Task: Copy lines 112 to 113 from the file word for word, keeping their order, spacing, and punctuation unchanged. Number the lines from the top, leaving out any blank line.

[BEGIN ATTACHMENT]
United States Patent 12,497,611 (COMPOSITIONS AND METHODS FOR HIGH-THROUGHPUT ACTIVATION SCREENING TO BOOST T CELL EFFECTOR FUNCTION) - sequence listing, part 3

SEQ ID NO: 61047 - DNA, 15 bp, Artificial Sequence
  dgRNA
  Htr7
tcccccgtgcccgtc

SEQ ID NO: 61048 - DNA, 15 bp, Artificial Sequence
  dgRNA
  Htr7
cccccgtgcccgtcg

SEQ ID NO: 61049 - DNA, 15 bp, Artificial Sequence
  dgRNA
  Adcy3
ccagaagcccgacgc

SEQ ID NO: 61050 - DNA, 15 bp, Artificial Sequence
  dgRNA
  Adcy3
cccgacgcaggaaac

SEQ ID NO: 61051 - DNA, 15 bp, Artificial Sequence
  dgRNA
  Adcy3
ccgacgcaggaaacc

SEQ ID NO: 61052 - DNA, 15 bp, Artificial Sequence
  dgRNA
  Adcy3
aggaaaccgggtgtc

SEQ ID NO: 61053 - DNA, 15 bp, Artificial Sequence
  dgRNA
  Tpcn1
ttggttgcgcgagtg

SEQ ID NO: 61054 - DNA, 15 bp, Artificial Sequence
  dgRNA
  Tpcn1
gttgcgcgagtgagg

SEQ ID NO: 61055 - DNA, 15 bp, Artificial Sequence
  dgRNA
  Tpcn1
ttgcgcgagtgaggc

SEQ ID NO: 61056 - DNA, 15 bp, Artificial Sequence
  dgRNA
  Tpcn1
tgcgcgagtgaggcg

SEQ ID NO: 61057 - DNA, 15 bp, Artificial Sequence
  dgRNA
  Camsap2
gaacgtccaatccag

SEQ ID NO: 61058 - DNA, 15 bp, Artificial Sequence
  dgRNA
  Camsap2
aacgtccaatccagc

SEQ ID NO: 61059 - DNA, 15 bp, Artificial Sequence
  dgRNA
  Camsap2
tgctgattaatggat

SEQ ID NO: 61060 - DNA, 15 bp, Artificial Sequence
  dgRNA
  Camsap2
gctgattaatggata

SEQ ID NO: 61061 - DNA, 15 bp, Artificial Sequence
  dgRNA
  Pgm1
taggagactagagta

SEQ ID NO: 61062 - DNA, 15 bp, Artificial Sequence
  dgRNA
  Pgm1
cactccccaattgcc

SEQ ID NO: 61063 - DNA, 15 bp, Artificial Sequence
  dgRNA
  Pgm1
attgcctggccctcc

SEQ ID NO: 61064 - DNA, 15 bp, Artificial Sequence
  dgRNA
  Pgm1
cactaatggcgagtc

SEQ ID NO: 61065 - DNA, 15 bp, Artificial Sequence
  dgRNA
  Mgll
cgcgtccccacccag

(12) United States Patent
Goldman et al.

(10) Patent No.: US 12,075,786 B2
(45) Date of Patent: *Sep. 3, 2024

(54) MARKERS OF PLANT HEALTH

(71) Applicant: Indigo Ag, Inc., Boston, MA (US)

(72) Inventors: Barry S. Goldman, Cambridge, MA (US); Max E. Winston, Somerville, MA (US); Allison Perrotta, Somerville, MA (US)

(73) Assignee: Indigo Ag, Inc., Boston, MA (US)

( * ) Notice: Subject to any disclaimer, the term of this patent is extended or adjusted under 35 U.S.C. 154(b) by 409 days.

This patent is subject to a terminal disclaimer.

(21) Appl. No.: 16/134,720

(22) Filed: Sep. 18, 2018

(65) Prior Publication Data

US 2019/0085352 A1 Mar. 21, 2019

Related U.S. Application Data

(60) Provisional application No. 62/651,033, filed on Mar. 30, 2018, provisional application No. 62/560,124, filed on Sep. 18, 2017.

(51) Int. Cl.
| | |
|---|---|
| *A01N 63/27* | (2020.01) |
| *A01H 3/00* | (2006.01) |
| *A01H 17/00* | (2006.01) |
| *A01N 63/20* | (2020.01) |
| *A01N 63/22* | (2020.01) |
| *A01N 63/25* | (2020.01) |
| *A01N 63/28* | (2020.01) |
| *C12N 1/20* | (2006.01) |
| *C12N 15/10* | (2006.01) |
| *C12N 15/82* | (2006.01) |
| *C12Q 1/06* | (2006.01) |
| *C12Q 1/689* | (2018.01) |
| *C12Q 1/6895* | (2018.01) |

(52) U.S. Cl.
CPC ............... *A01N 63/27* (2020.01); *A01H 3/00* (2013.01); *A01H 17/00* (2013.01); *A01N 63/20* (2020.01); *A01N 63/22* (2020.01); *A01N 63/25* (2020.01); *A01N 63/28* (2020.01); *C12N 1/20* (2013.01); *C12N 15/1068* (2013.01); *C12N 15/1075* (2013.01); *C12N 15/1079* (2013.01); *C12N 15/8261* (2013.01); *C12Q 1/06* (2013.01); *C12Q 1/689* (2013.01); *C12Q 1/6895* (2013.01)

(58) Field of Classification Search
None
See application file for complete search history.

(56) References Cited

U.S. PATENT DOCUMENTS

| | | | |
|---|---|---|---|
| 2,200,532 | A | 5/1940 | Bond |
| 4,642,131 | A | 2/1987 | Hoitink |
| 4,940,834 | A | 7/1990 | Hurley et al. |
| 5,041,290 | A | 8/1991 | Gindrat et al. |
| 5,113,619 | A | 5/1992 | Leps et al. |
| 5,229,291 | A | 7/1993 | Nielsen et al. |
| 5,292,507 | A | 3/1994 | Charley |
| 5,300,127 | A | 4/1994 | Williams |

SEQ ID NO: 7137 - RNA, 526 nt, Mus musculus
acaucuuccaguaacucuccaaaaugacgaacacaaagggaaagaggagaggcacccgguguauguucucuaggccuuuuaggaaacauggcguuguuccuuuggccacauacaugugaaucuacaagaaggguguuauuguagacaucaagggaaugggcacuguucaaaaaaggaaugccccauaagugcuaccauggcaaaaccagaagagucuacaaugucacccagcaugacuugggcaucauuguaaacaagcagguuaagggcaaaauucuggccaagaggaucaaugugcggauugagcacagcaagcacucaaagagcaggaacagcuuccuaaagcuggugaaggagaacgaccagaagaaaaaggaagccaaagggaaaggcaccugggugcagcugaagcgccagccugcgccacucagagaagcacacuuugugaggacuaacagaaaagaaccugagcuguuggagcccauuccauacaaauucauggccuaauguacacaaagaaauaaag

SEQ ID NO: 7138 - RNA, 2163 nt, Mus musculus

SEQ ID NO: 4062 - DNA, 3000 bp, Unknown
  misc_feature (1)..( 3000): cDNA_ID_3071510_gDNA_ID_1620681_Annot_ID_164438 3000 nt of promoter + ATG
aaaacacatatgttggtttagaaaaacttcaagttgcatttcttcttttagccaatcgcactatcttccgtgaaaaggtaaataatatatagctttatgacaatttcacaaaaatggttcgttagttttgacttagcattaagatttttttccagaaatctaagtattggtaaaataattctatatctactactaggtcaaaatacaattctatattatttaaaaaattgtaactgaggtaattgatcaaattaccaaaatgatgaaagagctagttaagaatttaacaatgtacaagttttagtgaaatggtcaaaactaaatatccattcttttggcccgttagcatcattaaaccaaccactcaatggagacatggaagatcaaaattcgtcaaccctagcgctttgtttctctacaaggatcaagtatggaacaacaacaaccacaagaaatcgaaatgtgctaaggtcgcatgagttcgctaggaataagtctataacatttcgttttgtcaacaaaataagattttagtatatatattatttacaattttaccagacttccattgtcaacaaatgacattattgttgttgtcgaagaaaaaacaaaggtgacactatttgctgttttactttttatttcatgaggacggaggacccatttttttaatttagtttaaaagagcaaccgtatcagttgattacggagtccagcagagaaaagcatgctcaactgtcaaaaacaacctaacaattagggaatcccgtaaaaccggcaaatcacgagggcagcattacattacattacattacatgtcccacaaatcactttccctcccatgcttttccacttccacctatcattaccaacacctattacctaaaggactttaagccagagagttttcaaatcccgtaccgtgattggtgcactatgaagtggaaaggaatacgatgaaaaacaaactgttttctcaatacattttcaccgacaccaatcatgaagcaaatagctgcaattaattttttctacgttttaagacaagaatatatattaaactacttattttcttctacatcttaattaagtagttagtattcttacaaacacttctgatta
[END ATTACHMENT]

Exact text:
(58) Field of Classification Search
None